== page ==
According to data analysis conducted by UK legal technology company Pirical, on average, trainees become profitable around their second seat. Firms invest in trainees with the intention of retaining the talent they onboard; it’s very much a two-way street – that is, it’s likely you want to choose a firm in which you can see yourself building a sustainable and fulfilling career, while the firm wants to ensure that the trainees it hires and invests in are high quality and committed. A spokesperson for Stevens & Bolton says: “We believe in long-term relationships, fulfilling careers and stewardship of our business for the benefit of future generations.” Firms want their lawyers to train at their individual firms so they can structure the training in a way that prepares the trainees for life at the specific firm and for the firm’s specific needs. This is what makes finding the right firm so important for both parties.
Find out more about researching firms with LawCareers.Net’s advice.
Case study: Stevens & Bolton LLP
For trainees, finding a firm that suits your needs and interests is vital. On top of that, identifying a firm that’s moving forward and reviewing the way it works and grows should play a part in your decision making.
Firms often assess the way they work and recruit, with independent full-service firm Stevens & Bolton being one of the most recent examples to do so. Having completed a review of its recruitment and retention as part of its intentions to better “understand the costs and benefits of recruiting at a more junior level”, the firm has made some significant changes to its trainee programme.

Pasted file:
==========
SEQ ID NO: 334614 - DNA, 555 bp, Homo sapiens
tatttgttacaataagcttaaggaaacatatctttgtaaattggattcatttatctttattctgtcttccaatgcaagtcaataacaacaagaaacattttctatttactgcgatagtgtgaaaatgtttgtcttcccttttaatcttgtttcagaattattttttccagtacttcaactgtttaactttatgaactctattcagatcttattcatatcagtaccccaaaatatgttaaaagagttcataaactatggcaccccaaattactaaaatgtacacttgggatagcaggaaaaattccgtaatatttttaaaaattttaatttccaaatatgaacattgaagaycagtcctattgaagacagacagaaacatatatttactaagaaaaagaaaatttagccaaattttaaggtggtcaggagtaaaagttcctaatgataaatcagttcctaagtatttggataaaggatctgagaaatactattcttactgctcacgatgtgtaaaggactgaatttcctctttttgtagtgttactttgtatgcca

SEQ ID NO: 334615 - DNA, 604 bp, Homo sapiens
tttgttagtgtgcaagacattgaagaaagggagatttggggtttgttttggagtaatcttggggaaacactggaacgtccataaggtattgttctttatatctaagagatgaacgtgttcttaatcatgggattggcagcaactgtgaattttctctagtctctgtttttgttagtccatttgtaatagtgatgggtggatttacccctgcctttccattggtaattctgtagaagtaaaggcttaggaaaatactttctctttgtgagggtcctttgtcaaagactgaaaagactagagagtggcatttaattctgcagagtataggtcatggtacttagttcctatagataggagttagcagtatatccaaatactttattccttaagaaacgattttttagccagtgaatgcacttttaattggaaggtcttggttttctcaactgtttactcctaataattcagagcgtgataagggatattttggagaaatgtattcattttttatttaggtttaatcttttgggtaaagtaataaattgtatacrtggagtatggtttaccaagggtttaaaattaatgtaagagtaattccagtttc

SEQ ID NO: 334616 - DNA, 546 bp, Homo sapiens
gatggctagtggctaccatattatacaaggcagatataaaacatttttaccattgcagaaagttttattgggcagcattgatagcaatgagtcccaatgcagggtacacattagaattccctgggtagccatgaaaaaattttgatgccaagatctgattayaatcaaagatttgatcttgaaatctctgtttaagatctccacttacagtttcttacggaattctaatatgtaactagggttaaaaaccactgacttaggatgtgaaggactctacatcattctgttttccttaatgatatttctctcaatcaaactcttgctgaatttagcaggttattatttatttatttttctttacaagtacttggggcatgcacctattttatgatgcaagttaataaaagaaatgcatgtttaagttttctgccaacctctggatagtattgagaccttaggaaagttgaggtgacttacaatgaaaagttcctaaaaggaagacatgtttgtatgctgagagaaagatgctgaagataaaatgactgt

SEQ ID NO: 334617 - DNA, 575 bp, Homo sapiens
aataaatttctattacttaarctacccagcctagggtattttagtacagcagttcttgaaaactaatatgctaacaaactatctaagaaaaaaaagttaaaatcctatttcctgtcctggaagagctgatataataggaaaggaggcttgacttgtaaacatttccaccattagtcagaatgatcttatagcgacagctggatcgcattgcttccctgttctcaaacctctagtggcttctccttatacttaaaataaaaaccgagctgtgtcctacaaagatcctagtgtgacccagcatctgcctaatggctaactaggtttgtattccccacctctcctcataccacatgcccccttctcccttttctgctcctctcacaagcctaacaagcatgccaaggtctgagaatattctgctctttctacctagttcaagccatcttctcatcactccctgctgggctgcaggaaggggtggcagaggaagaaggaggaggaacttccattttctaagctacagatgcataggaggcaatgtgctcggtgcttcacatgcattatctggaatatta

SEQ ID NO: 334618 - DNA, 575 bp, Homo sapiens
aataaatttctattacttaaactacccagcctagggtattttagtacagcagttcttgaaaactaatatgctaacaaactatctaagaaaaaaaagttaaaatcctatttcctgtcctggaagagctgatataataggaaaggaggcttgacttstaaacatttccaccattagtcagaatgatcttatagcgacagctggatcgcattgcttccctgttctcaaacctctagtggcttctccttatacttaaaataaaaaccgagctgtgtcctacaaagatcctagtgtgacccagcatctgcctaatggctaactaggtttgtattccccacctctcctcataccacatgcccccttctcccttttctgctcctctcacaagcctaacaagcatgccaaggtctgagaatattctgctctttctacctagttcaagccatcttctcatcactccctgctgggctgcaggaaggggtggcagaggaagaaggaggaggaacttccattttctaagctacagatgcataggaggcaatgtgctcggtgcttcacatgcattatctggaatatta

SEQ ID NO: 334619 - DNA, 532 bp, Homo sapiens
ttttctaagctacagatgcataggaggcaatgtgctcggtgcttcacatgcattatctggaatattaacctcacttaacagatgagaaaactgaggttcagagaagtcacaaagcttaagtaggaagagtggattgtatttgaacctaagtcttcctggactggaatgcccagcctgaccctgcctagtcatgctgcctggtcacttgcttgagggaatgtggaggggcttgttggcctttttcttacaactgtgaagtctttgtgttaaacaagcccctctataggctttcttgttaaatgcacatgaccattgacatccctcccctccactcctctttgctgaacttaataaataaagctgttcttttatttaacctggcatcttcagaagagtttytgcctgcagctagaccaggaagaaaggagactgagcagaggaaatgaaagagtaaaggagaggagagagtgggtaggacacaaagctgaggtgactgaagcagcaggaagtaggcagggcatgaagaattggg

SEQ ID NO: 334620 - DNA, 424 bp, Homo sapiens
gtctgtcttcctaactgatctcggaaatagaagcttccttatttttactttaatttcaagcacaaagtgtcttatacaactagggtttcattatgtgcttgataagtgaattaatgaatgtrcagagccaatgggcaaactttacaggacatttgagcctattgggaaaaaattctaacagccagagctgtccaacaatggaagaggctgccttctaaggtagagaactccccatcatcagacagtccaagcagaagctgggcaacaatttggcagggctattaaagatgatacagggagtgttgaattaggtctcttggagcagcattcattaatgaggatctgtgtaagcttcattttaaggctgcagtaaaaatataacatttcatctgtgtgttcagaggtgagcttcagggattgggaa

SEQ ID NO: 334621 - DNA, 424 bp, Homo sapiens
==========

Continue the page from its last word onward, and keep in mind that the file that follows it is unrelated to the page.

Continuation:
As part of the firm’s growth strategy, it recognises “that a law firm is only as good as the people it employs and to really succeed in the market we need to recruit and retain top-quality lawyers”. The firm says its focus for “this recruitment drive is not only to grow more organically through developing our talent, but to also grow a more diverse workforce”.
As such, the firm has announced that it’ll be doubling its trainee intake numbers from five to 10 each year, starting with the next intake in September 2023. This decision is part of its “ambitious” growth plans over the coming years in which trainees will play a pivotal role. Stevens & Bolton is now recruiting trainees to start in 2025 (the normal two-year timeline), as well as in September 2023 and September 2024. This move demonstrates just how important trainees are to the law firm, its growth and long-term success, while offering future lawyers the chance to join the firm within the next two years.
In light of this change, Stevens & Bolton will also be upping the number of students to secure places on its vacation schemes that take place every year in Easter and summer. With vacation schemes forming a vital part of the research process for aspiring lawyers (offering the chance for you to get a feel for firms you’re interested in building a career with) this increased uptake is a great opportunity for students to get their foot in the door at an early stage. Plus, many firms, including Stevens & Bolton, automatically offer vac schemers a training contract interview as part of the scheme.
Trainees at Stevens & Bolton have been highlighted as essential to the firm’s ambitions for organic growth over the next few years. You could be a part of this drive. The deadline for the firm’s 2023 and 2024 training contract is on 31 January 2023, while those looking for a training contract to start in September 2025 have until 1 June 2023 to make their application. Select the ‘Apply now’ button on the firm’s LCN profile to get started.
Head to LawCareers.Net’s Application hub for advice on acing your applications and more!